Increasing numbers of Northlanders are relying on emergency food parcels to feed their families due to the socio-economic impacts of Covid-19.
Food banks across the region are reporting huge surges in demand for food staples compared to pre-Covid levels, and they're expecting a second wave as residents continue to suffer job losses, pay cuts and reduced hours.
The Far North Community Foodbank Trust has even started a Givealittle page to raise funds in order to keep meeting the needs of families.
Manager Christie Meyer said demand for food assistance in the Far North had more than doubled since lockdown began in March.
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Last year 777 emergency food parcels were given out, at around 15 parcels per week.
In under three months from March 23 to June 16 the organisation gave out nearly 300 parcels, around 24 parcels a week, feeding 880 people.
They have also increased deliveries from four days to seven days, Meyer said.
"Some clients have lost their jobs or are on such reduced hours that they are needing assistance. And there are the working poor - they don't qualify for a benefit or any financial assistance but are barely scraping by.
"Some are asking for help for the first time in their lives and are overwhelmed, stressed and some are shy or ashamed."
Meyer said the charity remained open throughout the lockdown and "intend to continue being there for all those that need our assistance".
"Although the lockdown resulted in the first wave of need, we do believe the second wave is still to follow and we will be ready."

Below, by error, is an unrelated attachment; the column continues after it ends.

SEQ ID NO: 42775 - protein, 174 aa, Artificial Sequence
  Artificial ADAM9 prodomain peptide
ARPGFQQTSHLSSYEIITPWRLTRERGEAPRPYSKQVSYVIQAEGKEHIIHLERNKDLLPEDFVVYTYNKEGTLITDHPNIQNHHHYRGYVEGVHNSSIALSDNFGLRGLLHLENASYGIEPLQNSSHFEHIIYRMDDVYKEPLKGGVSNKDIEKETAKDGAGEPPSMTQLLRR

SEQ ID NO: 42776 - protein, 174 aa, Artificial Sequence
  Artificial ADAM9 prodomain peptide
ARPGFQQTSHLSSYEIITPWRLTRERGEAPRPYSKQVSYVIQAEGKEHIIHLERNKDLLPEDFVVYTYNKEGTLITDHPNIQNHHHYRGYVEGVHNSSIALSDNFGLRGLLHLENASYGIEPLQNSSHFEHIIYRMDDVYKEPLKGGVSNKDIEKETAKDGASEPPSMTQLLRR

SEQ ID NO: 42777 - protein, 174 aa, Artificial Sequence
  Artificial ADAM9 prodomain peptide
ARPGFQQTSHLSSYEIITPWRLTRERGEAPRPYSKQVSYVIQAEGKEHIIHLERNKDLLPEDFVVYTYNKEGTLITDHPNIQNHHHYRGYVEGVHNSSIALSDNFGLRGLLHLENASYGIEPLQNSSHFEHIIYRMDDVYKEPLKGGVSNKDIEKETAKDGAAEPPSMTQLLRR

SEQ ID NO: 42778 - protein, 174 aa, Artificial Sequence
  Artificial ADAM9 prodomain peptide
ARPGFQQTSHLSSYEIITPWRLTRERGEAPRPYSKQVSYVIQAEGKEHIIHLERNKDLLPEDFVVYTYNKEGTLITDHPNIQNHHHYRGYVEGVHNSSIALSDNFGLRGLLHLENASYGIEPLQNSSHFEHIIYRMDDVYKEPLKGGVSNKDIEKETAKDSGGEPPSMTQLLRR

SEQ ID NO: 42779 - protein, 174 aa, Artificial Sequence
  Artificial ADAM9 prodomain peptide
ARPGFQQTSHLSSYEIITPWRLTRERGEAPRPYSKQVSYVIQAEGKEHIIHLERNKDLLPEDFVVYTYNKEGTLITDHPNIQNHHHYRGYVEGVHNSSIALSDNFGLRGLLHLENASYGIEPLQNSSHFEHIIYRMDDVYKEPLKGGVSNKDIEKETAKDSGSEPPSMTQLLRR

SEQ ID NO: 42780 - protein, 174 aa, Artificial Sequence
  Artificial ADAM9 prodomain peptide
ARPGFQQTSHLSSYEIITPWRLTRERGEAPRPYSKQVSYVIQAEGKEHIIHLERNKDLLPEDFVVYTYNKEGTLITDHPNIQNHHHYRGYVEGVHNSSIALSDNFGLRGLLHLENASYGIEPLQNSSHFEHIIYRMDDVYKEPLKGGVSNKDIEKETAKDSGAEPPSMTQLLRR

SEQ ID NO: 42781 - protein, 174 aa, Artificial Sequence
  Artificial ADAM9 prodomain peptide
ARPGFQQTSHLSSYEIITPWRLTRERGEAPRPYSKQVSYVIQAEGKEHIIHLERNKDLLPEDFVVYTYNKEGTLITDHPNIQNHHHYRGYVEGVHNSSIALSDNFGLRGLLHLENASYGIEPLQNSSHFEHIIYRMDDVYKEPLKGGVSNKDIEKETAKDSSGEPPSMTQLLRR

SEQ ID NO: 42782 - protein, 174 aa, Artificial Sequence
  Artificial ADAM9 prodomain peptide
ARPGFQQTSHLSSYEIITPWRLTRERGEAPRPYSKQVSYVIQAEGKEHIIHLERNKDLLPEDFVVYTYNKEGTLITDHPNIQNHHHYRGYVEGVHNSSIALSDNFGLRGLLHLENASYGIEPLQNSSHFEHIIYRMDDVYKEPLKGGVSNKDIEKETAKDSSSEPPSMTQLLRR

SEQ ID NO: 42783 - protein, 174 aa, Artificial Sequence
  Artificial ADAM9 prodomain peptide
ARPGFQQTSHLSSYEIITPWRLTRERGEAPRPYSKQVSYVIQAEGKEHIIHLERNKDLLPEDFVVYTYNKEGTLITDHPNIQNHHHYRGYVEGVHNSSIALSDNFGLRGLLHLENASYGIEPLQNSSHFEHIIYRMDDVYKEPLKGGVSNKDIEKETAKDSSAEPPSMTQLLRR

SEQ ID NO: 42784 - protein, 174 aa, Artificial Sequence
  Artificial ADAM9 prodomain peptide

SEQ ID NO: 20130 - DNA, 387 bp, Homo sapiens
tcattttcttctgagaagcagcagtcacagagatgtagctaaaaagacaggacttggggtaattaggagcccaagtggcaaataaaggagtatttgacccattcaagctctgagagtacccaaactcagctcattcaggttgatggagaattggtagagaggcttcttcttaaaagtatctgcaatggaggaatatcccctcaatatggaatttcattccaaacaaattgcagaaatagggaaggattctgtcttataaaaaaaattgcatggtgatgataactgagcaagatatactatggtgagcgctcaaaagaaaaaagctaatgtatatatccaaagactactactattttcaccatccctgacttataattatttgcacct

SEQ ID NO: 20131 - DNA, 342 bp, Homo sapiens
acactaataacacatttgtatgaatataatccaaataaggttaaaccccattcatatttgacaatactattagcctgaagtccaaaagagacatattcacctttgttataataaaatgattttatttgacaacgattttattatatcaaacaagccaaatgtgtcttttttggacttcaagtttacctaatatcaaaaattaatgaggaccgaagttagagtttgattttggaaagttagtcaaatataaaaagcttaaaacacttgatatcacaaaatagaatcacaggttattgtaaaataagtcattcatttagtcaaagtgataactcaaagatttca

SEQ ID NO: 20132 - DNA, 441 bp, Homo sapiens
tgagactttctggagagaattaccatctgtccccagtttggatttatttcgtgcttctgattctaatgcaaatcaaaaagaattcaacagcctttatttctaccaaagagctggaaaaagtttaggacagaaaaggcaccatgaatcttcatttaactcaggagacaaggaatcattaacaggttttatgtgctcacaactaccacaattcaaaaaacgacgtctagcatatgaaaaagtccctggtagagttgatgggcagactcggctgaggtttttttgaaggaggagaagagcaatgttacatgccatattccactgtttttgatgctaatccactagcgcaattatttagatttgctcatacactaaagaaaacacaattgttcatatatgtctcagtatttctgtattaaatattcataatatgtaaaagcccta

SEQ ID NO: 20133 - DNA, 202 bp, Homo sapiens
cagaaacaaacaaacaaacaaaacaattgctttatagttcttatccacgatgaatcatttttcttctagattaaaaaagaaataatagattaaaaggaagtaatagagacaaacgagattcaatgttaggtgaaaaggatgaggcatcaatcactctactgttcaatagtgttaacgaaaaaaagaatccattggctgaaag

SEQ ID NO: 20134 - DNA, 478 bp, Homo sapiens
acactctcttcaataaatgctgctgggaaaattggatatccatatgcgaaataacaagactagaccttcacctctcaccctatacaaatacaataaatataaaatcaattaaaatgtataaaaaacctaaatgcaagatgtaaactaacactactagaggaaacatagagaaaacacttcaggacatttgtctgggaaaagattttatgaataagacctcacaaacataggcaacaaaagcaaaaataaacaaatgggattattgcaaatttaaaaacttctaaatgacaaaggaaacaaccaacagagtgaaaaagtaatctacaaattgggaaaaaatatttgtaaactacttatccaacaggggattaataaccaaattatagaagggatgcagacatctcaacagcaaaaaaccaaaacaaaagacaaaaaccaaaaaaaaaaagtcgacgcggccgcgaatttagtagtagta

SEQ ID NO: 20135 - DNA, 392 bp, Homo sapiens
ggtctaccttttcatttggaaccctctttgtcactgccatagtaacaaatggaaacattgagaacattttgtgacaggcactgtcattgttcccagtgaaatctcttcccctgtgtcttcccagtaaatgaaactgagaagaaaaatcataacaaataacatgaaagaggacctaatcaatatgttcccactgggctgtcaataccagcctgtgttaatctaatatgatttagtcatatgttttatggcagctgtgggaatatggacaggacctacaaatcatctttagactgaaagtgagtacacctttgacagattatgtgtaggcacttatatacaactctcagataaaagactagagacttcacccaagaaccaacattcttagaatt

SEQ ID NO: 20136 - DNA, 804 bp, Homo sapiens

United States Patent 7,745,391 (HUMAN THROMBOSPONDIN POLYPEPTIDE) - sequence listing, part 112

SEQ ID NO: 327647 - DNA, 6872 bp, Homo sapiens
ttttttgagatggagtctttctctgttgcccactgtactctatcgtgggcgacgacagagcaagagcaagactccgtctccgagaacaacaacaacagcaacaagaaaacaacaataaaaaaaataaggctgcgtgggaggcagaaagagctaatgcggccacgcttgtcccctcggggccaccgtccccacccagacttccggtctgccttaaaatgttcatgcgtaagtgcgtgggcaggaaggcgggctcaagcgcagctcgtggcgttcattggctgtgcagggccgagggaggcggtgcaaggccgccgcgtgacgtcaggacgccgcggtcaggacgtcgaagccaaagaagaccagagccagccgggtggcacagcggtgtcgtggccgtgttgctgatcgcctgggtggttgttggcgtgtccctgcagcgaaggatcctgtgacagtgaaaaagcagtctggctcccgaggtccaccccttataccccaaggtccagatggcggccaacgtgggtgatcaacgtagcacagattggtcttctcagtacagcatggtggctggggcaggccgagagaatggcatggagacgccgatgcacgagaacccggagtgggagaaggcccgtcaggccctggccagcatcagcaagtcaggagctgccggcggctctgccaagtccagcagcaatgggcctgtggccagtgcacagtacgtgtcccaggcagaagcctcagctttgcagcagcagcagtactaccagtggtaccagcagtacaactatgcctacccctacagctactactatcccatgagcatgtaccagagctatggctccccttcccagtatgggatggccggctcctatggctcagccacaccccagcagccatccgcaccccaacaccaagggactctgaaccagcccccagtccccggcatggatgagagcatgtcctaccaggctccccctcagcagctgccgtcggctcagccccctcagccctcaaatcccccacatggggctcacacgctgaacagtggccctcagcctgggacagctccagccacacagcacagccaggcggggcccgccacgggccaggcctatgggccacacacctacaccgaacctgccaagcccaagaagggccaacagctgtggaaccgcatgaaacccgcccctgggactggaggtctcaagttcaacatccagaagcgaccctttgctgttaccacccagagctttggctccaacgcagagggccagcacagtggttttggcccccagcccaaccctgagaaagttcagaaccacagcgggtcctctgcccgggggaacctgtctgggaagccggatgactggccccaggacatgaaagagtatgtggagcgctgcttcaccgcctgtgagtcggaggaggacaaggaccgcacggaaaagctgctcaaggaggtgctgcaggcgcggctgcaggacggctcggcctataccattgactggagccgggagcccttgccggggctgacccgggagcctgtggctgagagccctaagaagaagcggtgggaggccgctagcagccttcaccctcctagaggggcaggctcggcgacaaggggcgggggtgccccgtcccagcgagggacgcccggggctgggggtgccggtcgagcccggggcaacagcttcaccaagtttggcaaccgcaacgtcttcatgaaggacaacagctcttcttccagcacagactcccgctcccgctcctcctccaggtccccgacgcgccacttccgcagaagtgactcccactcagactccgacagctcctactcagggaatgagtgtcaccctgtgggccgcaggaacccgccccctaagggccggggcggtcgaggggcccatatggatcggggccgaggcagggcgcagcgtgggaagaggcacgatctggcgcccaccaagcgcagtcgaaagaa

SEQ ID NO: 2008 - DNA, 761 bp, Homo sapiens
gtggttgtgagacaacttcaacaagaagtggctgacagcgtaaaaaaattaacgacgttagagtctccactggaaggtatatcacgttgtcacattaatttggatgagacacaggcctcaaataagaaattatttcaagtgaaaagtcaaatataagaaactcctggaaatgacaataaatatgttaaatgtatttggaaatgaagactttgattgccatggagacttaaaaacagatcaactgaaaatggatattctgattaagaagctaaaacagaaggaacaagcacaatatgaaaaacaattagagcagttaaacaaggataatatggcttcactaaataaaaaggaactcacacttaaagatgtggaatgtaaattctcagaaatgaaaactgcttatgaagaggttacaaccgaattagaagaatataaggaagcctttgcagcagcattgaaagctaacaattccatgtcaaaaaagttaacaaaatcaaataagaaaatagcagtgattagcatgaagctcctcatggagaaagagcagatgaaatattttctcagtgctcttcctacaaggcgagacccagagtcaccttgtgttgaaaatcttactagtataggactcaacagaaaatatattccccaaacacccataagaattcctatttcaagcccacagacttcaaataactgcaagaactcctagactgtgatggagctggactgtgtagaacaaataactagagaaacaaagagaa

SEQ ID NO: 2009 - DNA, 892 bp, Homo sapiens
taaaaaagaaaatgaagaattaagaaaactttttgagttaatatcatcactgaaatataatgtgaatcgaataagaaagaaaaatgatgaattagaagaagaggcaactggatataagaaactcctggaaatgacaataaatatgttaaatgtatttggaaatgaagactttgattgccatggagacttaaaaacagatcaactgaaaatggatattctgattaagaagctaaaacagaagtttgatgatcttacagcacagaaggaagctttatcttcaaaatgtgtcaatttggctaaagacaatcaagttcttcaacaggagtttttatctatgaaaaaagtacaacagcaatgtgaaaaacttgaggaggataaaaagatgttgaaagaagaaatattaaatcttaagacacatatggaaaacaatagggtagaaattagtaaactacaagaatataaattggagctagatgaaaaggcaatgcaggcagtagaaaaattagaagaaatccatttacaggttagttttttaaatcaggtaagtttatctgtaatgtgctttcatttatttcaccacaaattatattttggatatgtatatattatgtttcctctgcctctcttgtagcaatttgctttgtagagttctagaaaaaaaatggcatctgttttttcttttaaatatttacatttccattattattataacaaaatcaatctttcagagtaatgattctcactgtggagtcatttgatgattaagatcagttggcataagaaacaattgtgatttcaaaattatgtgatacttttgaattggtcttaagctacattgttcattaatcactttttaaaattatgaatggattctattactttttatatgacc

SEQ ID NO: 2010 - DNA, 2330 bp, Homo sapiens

Kairos Trust, which operates a food bank from the Kerikeri Baptist Church, has experienced similar demand.
Food bank administrator Erin Titmus said over 80 food parcels have been delivered to needy families in Kerikeri and surrounding areas over the last few weeks, up from the usual three or four parcels a week.
The group has been getting referrals from schools, Work and Income, Citizens Advice Bureau and "anywhere and everywhere", she said.
"People are embarrassed to come and ask for help. People have lost jobs and have had reduced hours; their main concern is paying the rent or mortgage and having a roof over their head - they worry about food later."
Titmus said one Kerikeri woman with 10 children who never had to rely on the service before had food delivered mid-May as she was unable to work.
"She burst into tears, and said she'd never had this happen before, she can now put a meal on the table for her family."
"I think we're just seeing the tip of the iceberg," Titmus said.
"Because the [Bay of Islands] area is highly geared to hospitality and tourism and we all know that's where job losses are the hardest hit, we expect demand to continue."
In April the Salvation Army in Whangārei reported an increase of more than 600 per cent for its food parcels compared to demand pre-Covid-19.
Along with supplying food to families in Whangārei, the Sallies on Aubrey St are now packaging food for Northlanders living in the mid-North and Kaipara.
Salvation Army Whangārei manager of community ministries Trevor McLean said the food bank was distributing parcels each week to families in Whangārei, Ruakākā, Dargaville, Waitangi, Kaikohe, and Moerewa.
"Demand for the region is still heavy," McLean said.
"Whangārei is not as much as we were getting before but on average we're still doing 600 to 900 food parcels a week.
"Our concern is what the economic impact of Covid over the next two months through to Christmas is going to be, and are we resourced enough to meet that need.
"We're trying to balance the food parcel demand now, but also into the future, but we can only do what we can do. It's been hard."
Meyer said so far $7000 of the $10,000 goal has been raised for the Far North food bank charity from "wonderful people in the Far North and even other areas of New Zealand".
"As a charity we rely solely on funding from organisations and support from organisations and individuals.
"We work very hard to stretch every dollar and keep our running costs as low as possible and try to get as much food donated as possible but sadly there is a financial shortage, so we reach out for help."